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'The Social Network' dominates the National Society of Film Critics awards [Updated]

January 8, 2011 |  2:02 pm

"The Social Network" express continues to pick up steam this movie-awards season, winning best picture Saturday from the National Society of Film Critics. The fast-paced drama about the creation of Facebook won a total of four awards. In addition to best picture, it also won best actor for Jesse Eisenberg, best director for David Fincher and screenplay for Aaron Sorkin.

The 45th annual National Society awards, which is known for its more esoteric choices, selected Giovanni Mezzogiorno as best actress for her role as Mussolini's mistress in the Italian film  "Vincere." Best supporting actress went to Olivia Williams in "The Ghost Writer," and Geoffrey Rush was named best supporting actor for "The King's Speech."

"The Social  Network" has won the lion's share of critics group honors this year, including from the Los Angeles Film Critics Assn. and the New York Film Critics Circle. It also is nominated for several Golden Globe awards.

Best nonfiction-film honors went to "Inside Job," while "Carlos" earned the best foreign language honor.  Best cinematography went to Roger Deakins for "True Grit." A special category was added to the awards Saturday at Sardi's Restaurant in New York: the best film still awaiting American distribution. The winner was "Film Socialisme."

Notably missing from the list of winners were such awards contenders as "Black Swan," "Inception," "The Kids Are All Right" and "Winter's Bone."

The National Society of Film Critics rarely agree in their selections with the  Academy of Motion Picture Arts and Sciences, although last year both organizations awarded  "The Hurt Locker" the  best picture prize.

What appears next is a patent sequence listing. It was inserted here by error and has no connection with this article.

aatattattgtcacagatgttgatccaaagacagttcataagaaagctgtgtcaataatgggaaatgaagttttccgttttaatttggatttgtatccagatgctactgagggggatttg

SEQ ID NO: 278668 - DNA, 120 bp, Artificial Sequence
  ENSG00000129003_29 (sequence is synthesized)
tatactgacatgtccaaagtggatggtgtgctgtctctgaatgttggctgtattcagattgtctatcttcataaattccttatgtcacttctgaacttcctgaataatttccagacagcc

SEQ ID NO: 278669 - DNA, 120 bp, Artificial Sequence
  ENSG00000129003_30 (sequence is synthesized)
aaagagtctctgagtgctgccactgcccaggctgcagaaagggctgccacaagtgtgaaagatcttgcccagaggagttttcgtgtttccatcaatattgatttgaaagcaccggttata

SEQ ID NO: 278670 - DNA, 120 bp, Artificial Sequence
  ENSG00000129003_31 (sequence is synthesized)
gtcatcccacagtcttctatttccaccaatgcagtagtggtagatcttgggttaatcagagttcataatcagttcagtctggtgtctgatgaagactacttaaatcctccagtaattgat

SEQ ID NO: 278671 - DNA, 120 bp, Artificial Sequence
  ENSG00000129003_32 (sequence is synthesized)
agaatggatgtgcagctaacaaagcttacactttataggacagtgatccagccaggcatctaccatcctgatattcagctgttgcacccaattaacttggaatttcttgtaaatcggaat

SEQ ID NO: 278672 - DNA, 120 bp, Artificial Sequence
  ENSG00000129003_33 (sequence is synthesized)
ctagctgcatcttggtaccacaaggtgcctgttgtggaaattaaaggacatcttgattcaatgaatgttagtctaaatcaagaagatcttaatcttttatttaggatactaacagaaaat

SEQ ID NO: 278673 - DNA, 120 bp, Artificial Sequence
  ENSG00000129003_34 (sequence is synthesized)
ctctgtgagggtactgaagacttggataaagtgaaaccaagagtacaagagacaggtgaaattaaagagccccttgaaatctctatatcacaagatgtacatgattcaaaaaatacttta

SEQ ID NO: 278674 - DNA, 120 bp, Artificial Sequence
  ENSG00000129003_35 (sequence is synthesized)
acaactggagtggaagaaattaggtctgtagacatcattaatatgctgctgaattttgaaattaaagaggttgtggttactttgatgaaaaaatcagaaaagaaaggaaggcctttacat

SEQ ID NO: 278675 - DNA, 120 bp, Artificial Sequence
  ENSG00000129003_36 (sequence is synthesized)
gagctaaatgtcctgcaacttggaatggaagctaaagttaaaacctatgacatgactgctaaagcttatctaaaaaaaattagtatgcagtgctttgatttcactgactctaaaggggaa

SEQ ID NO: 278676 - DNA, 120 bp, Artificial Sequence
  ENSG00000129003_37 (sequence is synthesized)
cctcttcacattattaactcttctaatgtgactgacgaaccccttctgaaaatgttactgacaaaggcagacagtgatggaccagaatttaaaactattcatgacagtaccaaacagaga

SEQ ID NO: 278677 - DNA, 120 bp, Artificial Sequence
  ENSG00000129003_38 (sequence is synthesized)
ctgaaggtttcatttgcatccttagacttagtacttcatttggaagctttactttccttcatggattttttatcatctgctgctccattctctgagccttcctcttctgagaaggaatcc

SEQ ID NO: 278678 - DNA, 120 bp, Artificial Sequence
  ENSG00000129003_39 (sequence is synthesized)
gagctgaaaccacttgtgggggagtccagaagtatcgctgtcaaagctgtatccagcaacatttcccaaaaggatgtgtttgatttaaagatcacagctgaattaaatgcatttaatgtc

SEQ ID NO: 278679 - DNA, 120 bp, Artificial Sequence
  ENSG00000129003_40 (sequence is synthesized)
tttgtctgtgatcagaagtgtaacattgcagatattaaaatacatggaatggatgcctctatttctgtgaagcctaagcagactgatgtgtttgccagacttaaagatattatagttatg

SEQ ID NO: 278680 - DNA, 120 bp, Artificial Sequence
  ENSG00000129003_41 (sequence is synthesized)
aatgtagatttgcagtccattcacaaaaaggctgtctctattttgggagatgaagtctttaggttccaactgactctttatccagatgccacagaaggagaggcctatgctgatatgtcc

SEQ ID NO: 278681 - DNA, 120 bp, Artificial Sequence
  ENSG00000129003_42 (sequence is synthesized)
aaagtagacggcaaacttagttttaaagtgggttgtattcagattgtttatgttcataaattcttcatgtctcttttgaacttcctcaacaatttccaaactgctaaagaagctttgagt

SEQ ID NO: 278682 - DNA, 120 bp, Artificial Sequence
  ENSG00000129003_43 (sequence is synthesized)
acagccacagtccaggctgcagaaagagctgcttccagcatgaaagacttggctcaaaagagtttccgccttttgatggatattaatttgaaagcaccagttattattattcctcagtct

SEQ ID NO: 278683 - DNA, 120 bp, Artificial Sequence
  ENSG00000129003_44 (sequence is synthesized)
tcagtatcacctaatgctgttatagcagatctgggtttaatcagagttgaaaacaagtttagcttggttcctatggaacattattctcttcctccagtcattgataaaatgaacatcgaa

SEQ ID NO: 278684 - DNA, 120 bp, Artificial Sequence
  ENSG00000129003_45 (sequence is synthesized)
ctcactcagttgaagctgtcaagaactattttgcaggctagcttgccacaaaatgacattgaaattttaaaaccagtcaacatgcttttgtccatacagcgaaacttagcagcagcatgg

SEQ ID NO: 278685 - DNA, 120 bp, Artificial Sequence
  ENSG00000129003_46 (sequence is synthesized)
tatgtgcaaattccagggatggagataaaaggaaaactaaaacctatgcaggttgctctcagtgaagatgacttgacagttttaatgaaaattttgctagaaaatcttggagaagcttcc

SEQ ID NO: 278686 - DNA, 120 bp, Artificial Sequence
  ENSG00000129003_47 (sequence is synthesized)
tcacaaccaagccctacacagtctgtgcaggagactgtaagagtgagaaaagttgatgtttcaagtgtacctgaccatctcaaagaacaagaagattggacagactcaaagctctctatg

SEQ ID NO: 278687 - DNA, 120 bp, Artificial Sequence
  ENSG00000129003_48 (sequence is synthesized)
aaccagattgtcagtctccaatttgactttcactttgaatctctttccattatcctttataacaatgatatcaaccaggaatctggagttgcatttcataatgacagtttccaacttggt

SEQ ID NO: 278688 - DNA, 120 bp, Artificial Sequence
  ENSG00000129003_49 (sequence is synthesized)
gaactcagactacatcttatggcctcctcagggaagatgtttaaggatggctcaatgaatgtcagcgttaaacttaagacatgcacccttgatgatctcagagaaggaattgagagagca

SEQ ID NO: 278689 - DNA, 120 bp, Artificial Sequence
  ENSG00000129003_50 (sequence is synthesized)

Forty-six out of the 61 members of the society voted Saturday using a weighted ballot system.

Six Film Heritage Awards were selected: The Film Foundation for its 20th anniversary; Flicker Alley's DVD set "Chaplin at Keystone"; Fox's "The Elia Kazan Collection" DVD set; the National Film Preservation Foundation for the discovery of the long-lost 1927 John Ford film "Upstream"; Milestone Films for the release of the 1956 documentary "On the Bowery"; and UCLA Film and TV Archive for the restoration, and Milestone for the distribution, of 1978's "Word Is Out," the first documentary on gay and lesbian identity.

The group also issued two statements, the first condemning an Iranian court that last month  sentenced directors Jafar Panahi and Mohammad Rasoulof to six years in prison and banned both from filmmaking for 20 years, and another that called into question the "integrity and legitimacy" of the Classification & Ratings Administration of the Motion Picture Association due to the R rating it bestowed on "The King's Speech," among others.

There is no awards ceremony connected with the honors; scrolls will be sent to the winners.

-- Susan King

Photo: Rooney Mara and Jesse Eisenberg in "The Social Network." Credit: Merrick Morton/Columbia TriStar

[For the record, 2:22 p.m.: An earlier version of this post incorrectly said Milestone had restored, rather than released, "On the Bowery."]